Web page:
"It has been 25 years since and looking at Hurricane Gilbert in perspective I think that was a catalyst as it relates to a lot of our growth in disaster risk management in Jamaica," he told the Observer.
"Many persons were saying we were a God-blessed country and we would not be hit by a hurricane but we were in fact hit. Since Gilbert what it has done is it has improved our awareness," he noted.
"Since Gilbert there was a revision of the National Disaster Plan, also the Act that governs the operation of the ODPEM also underwent a name change from the Office of Disaster Preparedness and Emergency Response Co-ordination in 1993," he said, pointing also to the emphasis being placed on public education campaigns.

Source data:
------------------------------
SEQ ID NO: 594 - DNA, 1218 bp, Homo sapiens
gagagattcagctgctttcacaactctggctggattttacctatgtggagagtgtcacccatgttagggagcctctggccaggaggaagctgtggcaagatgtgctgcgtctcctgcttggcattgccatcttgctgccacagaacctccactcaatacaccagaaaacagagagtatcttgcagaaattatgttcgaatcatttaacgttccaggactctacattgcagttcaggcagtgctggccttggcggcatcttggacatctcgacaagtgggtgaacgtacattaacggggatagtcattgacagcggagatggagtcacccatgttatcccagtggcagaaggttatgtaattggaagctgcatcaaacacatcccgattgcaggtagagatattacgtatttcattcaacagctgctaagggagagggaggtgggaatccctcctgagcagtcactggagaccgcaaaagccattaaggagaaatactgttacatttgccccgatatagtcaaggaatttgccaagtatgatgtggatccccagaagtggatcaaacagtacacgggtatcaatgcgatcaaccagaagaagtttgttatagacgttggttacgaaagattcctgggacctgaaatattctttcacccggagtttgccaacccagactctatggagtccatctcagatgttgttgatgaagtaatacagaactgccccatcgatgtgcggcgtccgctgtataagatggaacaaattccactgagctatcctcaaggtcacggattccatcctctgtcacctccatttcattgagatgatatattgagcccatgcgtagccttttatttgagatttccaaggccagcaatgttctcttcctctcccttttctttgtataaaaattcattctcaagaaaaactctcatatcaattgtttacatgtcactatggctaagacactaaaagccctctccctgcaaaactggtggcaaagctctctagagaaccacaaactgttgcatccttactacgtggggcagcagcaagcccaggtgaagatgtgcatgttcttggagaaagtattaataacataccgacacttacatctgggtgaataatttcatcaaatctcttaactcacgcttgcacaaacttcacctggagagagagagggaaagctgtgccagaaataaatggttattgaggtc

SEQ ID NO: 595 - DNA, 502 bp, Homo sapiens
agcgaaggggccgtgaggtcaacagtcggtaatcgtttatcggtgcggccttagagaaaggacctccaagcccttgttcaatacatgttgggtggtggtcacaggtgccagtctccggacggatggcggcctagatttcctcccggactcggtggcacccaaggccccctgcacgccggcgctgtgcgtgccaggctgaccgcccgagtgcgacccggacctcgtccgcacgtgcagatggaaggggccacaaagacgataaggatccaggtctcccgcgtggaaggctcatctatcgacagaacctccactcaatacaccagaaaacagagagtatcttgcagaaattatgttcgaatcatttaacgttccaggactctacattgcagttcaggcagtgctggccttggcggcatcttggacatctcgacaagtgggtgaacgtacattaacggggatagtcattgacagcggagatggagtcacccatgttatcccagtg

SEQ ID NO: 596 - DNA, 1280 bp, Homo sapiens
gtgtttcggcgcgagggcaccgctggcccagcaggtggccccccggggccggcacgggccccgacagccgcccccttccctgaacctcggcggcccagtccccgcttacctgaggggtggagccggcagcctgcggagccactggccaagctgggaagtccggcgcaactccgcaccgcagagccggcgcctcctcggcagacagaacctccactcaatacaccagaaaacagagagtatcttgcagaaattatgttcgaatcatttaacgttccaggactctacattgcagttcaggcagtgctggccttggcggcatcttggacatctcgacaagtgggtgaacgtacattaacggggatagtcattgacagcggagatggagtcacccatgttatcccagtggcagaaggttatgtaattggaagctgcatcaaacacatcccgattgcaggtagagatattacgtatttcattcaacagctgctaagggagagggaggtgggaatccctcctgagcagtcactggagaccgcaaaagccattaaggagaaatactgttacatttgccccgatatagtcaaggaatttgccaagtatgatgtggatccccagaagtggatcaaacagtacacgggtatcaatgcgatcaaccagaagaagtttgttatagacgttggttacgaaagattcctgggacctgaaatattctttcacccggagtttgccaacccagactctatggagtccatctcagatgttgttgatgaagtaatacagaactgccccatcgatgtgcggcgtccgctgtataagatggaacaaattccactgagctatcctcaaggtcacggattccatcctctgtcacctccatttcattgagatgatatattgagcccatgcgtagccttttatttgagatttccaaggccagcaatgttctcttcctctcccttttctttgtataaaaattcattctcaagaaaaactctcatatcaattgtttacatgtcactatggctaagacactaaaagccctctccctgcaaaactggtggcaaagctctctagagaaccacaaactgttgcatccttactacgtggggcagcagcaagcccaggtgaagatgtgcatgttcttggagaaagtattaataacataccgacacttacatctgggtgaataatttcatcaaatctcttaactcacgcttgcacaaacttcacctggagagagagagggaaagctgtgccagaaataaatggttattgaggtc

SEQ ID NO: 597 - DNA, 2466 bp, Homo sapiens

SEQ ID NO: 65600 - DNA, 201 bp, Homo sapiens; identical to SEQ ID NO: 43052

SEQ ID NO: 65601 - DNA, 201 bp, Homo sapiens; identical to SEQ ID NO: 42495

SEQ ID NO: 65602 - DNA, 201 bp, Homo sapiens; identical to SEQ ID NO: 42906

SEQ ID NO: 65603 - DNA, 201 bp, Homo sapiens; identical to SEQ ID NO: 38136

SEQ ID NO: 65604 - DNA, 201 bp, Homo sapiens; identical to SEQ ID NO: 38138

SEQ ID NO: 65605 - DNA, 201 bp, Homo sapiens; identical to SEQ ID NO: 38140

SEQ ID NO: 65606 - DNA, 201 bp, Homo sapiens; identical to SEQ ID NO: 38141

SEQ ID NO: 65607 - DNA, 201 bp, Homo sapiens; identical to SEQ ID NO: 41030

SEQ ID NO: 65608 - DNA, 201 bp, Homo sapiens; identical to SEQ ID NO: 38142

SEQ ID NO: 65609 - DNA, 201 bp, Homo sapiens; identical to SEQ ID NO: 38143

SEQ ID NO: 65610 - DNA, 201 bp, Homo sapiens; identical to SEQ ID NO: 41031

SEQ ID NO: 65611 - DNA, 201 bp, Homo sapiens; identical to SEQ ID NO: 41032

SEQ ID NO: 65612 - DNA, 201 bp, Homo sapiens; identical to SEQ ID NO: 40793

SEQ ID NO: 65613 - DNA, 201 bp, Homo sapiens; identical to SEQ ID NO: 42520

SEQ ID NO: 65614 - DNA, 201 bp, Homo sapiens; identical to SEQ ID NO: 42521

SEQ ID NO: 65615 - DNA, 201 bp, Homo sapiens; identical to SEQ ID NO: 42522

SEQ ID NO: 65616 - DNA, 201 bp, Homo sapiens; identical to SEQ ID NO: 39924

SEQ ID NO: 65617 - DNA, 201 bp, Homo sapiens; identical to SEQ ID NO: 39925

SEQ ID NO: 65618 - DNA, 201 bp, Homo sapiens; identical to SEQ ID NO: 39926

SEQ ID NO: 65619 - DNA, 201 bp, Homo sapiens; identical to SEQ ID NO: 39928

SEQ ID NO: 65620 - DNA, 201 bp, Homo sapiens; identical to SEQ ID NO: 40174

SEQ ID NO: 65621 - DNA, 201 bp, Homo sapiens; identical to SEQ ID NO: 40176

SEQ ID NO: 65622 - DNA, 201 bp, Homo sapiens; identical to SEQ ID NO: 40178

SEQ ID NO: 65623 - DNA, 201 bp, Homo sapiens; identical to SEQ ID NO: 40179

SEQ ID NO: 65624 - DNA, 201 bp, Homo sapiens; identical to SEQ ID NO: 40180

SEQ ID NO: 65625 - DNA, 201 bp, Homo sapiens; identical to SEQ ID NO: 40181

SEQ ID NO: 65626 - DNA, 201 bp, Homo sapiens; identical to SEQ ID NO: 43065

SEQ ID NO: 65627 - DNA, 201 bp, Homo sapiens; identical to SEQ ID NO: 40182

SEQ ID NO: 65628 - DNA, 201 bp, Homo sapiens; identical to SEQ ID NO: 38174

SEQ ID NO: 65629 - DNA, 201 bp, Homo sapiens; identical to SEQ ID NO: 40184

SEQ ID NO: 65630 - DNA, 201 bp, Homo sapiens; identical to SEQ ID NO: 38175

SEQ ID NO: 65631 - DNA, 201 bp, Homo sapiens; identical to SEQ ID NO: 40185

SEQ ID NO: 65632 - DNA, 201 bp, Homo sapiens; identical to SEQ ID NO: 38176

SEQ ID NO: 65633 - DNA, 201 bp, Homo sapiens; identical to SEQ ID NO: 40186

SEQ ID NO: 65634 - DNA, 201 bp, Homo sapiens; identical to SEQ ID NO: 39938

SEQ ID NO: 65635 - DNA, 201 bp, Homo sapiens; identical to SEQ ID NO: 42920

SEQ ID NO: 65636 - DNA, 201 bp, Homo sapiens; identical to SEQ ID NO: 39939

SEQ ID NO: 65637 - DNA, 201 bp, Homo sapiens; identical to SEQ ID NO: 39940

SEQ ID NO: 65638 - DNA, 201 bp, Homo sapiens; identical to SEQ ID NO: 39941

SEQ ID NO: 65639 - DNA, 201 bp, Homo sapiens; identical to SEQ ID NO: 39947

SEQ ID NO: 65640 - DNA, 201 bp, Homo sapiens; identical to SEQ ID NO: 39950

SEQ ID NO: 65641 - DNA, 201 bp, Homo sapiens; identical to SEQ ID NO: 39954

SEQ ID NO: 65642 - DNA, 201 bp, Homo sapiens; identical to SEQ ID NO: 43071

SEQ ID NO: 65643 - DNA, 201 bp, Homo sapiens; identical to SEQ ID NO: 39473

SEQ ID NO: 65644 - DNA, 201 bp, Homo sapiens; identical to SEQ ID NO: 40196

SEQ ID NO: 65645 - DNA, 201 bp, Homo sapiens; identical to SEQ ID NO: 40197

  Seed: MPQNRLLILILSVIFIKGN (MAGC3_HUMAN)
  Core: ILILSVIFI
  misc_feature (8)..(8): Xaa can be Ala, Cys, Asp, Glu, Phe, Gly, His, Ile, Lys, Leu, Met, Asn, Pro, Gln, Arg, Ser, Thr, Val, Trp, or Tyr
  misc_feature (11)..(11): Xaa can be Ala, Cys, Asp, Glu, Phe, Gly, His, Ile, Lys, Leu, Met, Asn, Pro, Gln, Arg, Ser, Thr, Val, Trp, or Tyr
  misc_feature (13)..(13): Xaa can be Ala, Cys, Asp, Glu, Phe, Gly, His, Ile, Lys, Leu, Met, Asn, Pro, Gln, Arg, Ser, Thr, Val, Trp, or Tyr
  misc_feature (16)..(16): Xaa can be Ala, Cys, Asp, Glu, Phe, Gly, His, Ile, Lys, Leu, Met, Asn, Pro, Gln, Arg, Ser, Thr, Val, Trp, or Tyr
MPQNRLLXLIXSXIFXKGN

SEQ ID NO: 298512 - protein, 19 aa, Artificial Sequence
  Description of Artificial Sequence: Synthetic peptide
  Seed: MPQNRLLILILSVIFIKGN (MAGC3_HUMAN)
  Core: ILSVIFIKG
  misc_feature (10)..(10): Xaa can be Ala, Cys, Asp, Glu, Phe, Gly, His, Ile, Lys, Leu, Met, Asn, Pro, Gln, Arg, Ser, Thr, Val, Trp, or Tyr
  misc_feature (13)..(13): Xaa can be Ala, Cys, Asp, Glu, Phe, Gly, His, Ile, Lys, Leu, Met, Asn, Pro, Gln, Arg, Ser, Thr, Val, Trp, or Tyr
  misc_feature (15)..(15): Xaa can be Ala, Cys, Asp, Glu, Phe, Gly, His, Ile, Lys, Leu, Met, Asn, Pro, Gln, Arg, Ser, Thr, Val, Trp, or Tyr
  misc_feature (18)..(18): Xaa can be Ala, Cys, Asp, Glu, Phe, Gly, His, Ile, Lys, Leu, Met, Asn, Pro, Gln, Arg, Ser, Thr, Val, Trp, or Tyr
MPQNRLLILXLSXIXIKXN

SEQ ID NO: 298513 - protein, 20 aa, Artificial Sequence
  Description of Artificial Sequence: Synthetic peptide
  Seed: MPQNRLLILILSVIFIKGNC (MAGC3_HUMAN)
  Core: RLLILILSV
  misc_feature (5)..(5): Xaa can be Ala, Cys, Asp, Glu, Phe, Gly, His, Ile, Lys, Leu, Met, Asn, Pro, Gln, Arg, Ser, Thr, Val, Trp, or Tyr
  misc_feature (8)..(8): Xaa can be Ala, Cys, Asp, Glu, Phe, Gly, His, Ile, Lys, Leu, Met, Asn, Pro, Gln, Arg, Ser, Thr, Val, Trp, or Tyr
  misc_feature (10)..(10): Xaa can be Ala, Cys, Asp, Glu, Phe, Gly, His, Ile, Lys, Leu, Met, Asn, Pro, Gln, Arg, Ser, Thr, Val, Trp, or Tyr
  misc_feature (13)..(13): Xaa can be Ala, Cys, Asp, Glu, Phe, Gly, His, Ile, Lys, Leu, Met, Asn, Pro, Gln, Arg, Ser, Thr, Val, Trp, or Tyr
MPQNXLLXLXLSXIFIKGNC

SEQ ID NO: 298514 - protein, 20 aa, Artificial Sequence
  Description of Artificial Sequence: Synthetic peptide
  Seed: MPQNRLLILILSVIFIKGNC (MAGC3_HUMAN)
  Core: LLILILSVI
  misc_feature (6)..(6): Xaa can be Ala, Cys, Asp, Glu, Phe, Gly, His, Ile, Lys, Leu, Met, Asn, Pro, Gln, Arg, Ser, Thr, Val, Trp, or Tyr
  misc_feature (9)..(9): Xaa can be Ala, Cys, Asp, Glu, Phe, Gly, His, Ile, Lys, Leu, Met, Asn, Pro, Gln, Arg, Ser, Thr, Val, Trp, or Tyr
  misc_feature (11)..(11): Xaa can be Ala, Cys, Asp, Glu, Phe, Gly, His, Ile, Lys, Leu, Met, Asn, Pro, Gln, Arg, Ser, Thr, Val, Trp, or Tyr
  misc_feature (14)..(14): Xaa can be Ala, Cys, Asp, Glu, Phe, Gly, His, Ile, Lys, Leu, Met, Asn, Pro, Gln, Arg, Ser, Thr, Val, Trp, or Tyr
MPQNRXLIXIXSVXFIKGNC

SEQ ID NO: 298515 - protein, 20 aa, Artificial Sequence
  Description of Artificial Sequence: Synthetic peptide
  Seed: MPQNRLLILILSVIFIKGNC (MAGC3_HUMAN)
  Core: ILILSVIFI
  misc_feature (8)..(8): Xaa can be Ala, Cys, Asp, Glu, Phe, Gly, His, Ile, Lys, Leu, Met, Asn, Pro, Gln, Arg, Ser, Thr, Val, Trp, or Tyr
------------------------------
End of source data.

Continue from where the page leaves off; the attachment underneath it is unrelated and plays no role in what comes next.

"Then there are the developments in the whole shelter management issue where we are getting non-governmental organisations involved. There is integrated disaster risk reduction which speaks to the collaborative efforts of all the agencies involved in disaster mitigation," Thompson pointed out.
"We have been putting in a lot of work and I think Gilbert was the catalyst for that in terms of how prepared we are," the ODPEM acting director general said.
He, too, noted the improvements in the housing stock as the result of lessons learnt from Gilbert.
"The fact that we lost so many roofs in Gilbert and a large percentage of the housing was damaged, a lot went into building out the sector, extending to the use of hurricane straps and zoning for areas that are highly vulnerable and looking at integrating disaster risk reduction in the sector," he noted.